All of the cells in an individual's body have a specific purpose once they have matured and differentiated into different types of tissues in different locations. Stem cells serve as the blank template for cells, as they are undifferentiated until they are needed for a specific tissue in the body. Stem cells can divide into other stem cells as well as the ability to become differentiated cells like brain, blood, and muscle cells. In tissues with regeneration benefits, stem cells are imperative because they replace dead cells. Stem cells are present in the brain, blood vessels, skin, gut, teeth, liver, bone marrow, skeletal muscle, teeth, liver, and other organs. Stem cells are also present within the fluid that surrounds a fetus in an amniotic sac. Stem cells are beneficial to help researchers understand more about how an organism forms from one cell and how defective cells are replaced by healthy cells in animals and humans.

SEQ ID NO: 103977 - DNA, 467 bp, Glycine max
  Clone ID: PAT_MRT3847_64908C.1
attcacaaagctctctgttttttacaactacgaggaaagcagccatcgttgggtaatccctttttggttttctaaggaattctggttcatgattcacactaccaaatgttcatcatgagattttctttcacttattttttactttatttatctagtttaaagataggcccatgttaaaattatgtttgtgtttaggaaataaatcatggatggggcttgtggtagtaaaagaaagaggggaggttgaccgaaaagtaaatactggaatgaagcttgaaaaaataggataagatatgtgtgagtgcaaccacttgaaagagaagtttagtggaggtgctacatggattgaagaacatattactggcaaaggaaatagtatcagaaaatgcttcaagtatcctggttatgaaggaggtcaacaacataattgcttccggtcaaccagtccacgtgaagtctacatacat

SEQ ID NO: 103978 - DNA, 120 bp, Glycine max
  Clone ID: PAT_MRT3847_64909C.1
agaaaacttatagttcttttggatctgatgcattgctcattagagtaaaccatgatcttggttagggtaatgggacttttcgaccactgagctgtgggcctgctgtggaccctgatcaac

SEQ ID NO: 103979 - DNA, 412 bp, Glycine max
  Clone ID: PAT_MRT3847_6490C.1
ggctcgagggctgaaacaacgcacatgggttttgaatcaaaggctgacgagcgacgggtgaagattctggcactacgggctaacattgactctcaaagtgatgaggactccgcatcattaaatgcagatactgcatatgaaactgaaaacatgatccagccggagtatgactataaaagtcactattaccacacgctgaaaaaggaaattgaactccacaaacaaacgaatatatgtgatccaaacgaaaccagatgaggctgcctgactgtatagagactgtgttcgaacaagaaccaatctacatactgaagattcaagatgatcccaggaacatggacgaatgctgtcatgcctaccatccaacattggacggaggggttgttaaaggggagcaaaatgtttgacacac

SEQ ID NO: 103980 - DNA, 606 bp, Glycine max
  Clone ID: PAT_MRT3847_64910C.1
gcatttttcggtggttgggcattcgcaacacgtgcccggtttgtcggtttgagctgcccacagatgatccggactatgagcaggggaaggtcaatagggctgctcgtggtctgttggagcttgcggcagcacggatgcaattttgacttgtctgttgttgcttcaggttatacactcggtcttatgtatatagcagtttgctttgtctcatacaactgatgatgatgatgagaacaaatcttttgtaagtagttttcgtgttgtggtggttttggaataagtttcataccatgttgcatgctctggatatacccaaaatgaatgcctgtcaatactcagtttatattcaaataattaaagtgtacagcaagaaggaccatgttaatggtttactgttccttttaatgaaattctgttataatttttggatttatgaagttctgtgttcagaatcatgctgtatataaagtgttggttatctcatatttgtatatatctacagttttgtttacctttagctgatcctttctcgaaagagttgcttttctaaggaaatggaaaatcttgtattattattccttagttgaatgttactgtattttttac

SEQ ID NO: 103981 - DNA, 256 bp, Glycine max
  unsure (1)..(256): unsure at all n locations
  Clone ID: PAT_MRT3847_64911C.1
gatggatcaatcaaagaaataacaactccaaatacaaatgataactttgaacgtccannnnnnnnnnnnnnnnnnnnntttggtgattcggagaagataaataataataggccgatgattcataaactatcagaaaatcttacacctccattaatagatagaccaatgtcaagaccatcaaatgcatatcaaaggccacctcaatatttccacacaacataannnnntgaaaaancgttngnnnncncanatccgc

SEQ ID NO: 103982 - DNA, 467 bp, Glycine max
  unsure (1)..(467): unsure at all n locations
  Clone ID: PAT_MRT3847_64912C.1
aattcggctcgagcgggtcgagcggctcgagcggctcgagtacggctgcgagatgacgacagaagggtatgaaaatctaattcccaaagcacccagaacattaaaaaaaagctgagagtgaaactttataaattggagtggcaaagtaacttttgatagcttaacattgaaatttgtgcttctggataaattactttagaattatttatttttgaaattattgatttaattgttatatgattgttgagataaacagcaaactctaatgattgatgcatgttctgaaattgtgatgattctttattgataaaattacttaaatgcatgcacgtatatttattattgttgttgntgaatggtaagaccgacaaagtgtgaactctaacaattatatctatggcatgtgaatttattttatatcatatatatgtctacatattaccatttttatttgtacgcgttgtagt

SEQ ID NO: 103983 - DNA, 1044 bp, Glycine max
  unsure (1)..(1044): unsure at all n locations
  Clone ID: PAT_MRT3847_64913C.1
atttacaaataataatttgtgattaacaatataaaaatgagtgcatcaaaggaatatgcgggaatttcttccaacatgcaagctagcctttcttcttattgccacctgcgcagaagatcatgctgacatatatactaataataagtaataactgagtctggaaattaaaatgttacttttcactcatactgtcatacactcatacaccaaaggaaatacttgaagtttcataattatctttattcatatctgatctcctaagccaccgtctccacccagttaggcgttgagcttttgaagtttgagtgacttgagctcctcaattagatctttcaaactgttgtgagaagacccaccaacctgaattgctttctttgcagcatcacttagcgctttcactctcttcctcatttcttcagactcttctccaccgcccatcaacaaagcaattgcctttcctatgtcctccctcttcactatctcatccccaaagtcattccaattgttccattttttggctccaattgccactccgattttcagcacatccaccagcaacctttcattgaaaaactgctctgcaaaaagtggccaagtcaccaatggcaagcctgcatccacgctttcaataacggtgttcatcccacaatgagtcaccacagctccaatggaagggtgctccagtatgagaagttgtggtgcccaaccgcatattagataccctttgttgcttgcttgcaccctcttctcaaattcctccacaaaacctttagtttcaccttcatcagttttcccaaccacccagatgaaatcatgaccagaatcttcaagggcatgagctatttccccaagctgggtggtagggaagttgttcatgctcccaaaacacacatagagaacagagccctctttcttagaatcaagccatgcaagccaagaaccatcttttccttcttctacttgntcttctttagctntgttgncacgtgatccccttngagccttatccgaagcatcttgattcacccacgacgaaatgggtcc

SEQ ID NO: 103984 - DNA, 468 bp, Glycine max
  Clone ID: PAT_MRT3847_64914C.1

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Types Of Stem Cells
There are two primary classifications for stem cells: embryonic stem cells and adult stem cells. Embryonic stem cells are taken from unused embryos resulting from in vitro fertilization that have been donated to science. Embryonic stem cells can differentiate into any type of cell, or are considered pluripotent. Adult stem cells are further categorized into stem cells found in an individual's fully developed tissues and induced pluripotent stem cells. Adult stem cells found in the brain, bone marrow, and skin tissues that are fully developed are not abundant in the body. These stem cells tend to only differentiate into cells that are part of the same type of tissues that make up the organ they came from. Induced pluripotent stem cells are a form of adult stem cells that have been sent to a laboratory environment where they have been changed, altered, or manipulated to take on the same properties and characteristics of embryonic stem cells. Pluripotent adult stem cells have been reprogrammed to function the same way as embryonic stem cells.
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